Nova Scotia: An Immigration Destination

CIC News
Published: April 1, 2014

In recent weeks, the small Canadian province of Nova Scotia has been under the spotlight for many prospective immigrants. This is due largely to the creation of a new stream of immigration called the Regional Labour Market Demand Stream (RLMD), which is administered as part of the Nova Scotia Nominee Program. Unlike most Canadian immigration programs, the RLMD stream does not require a job offer in order to apply.

The new stream offers the chance for prospective immigrants to settle in one of Canada’s most culturally dynamic provinces. Individuals wishing to obtain Canadian Permanent Residency through the RLMD stream or any of Canada’s immigration programs may wish to consider Nova Scotia, and to learn more about what the province has to offer.

The Nova Scotia Nominee Program

The Nova Scotia Nominee Program (NSNP) is the Provincial Nominee Program for Nova Scotia. Through the NSNP, Nova Scotia is able to target immigrants with the skills that are most needed throughout the province.

The RLMD stream is one of three streams currently administered by the NSNP. It’s creation was announced just a few weeks ago, and it began receiving applications on March 6, 2014. To learn more about the RLMD stream, please read our full coverage of the announcement from our last issue.

The NSNP has released some additional information regarding the stream and its requirements, including the following:

  • At this time, there is no limit to the number of applications that will be accepted for review under the RLMD stream. This year only 150 applicants to this stream will receive a Provincial Nomination Certificate, but not necessarily the first 150 applications submitted.
  • Applicants who do not receive a Provincial Nomination Certificate for this year will be given the option of withdrawing their application or remaining in the queue for next year.
  • Both IELTS General and IELTS Academic tests will be accepted as proof of English proficiency.

What is Nova Scotia?

Nova Scotia is Canada’s second-smallest province in area, but with almost 1 million residents it is the most densely populated in the country. It is located in Eastern Canada, close to the province of New Brunswick and the American state of Maine. It is one of the country’s three Maritime Provinces, and is almost completely surrounded by the Atlantic Ocean.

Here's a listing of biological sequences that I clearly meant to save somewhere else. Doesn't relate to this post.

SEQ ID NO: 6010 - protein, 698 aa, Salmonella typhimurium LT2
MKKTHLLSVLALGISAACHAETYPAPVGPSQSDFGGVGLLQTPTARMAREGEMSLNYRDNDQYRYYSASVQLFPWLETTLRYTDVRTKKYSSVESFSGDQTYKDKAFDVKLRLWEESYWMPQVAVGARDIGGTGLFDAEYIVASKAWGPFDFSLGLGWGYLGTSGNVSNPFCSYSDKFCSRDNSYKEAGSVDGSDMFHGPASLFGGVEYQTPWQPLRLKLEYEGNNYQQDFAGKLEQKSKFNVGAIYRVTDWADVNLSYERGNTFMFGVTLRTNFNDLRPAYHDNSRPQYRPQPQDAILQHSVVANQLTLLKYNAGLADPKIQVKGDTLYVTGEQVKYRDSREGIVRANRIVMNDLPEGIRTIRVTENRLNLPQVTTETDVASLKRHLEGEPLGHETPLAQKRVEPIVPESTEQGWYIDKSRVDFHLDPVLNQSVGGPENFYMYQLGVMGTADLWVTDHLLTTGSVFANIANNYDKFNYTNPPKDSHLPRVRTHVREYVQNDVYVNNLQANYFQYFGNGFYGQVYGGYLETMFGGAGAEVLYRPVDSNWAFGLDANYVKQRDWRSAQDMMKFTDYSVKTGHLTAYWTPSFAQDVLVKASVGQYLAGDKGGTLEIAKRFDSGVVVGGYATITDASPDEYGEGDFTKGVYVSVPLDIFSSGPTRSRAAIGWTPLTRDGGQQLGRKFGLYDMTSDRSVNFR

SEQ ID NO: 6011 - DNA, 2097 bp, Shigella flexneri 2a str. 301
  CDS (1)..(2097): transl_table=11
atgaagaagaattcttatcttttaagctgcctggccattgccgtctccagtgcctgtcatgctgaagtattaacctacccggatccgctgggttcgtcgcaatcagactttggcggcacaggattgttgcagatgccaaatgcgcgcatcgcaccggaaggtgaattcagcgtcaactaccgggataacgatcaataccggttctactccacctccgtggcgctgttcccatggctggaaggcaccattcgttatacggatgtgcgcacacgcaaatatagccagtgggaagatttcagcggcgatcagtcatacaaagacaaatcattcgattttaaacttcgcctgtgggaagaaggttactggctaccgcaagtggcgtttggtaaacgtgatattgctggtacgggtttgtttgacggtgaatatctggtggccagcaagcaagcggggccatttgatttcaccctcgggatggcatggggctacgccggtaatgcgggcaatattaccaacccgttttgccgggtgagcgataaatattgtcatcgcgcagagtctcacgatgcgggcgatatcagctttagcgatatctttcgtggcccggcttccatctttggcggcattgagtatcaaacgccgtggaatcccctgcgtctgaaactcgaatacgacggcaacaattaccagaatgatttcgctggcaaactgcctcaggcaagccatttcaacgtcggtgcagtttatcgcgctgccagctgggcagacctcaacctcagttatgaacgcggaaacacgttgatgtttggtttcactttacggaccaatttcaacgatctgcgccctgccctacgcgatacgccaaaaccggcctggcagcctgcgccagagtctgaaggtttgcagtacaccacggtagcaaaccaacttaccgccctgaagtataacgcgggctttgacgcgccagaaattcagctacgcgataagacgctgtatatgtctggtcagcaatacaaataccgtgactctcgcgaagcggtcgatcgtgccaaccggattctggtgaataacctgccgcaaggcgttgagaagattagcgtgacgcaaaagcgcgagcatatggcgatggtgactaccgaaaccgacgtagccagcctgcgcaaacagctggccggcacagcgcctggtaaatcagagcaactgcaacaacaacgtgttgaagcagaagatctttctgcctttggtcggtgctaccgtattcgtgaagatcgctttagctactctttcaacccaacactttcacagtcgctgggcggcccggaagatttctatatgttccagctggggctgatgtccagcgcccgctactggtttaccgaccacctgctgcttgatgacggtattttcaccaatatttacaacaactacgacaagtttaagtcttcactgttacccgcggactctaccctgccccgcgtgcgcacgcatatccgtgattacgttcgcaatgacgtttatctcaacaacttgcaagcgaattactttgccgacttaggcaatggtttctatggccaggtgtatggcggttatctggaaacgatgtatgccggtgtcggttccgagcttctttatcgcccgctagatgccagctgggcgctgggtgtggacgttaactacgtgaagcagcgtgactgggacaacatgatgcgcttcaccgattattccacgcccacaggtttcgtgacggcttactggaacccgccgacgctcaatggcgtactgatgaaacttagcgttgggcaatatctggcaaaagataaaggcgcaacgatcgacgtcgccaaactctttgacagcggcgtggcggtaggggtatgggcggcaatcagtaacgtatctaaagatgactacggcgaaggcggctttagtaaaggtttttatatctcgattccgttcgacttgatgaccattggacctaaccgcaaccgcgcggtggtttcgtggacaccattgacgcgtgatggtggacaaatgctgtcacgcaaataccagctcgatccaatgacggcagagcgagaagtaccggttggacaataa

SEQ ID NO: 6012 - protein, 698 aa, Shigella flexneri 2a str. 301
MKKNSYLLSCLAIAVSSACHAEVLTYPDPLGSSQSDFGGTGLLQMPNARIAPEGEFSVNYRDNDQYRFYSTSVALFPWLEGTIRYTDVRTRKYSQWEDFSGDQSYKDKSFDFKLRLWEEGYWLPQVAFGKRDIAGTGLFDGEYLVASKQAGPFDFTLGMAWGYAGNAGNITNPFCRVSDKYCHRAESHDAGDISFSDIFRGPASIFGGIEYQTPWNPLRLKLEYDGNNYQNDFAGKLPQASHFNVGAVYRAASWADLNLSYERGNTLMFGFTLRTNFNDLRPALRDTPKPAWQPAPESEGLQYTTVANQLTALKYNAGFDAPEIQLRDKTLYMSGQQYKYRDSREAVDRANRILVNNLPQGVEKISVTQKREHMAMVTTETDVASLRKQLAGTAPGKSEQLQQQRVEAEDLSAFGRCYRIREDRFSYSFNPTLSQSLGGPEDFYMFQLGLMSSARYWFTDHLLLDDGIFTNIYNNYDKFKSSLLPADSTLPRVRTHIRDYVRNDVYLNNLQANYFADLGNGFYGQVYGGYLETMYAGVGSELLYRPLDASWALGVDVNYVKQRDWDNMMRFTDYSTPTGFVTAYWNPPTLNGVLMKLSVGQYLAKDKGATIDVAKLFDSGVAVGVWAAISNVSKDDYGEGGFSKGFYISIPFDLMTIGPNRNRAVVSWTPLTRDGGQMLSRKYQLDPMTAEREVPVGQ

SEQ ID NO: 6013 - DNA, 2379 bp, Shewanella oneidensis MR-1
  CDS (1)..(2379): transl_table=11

Nova Scotia’s capital, Halifax, is a city of about 400,000 residents. It is home to world class universities such as Dalhousie University, the Nova Scotia College of Art and Design, and Saint Mary’s University. Despite its modest size, Halifax is internationally renowned for its active music, art, and theatre scenes. A large number of Canada’s most famous actors and painters call Halifax home.

Working in Nova Scotia

According to a government study, Nova Scotia expects to experience “significant growth” due to retirement rates as well as expansion of new sectors of industry. These sectors includes: aerospace, information technology, skilled trades, financial services, and healthcare.

It is no surprise that the 43 eligible occupations for the RLMD stream fall largely within the scope of the province’s emerging sectors. In fact, Nova Scotia’s economy is expanding so quickly that the province has projected that it needs 75,000 new workers between the years 2011 and 2016. A full two-thirds of these new jobs will originate from the service sector.

“When it comes to career options, Nova Scotia is setting itself up to compete with some of the world’s best markets,” said Attorney David Cohen. But work is just one aspect of life in Canada. Residents of Nova Scotia find that, between bustling cities and towns and miles of pristine beach and forest, the province truly has the best of both worlds. The NSNP’s new stream is a rare opportunity for applicants to have the chance of moving to one of Canada’s best kept secrets.”

To find out if you are eligible for the NSNP, or any of over 60 Canadian immigration programs, please fill out a free online assessment today

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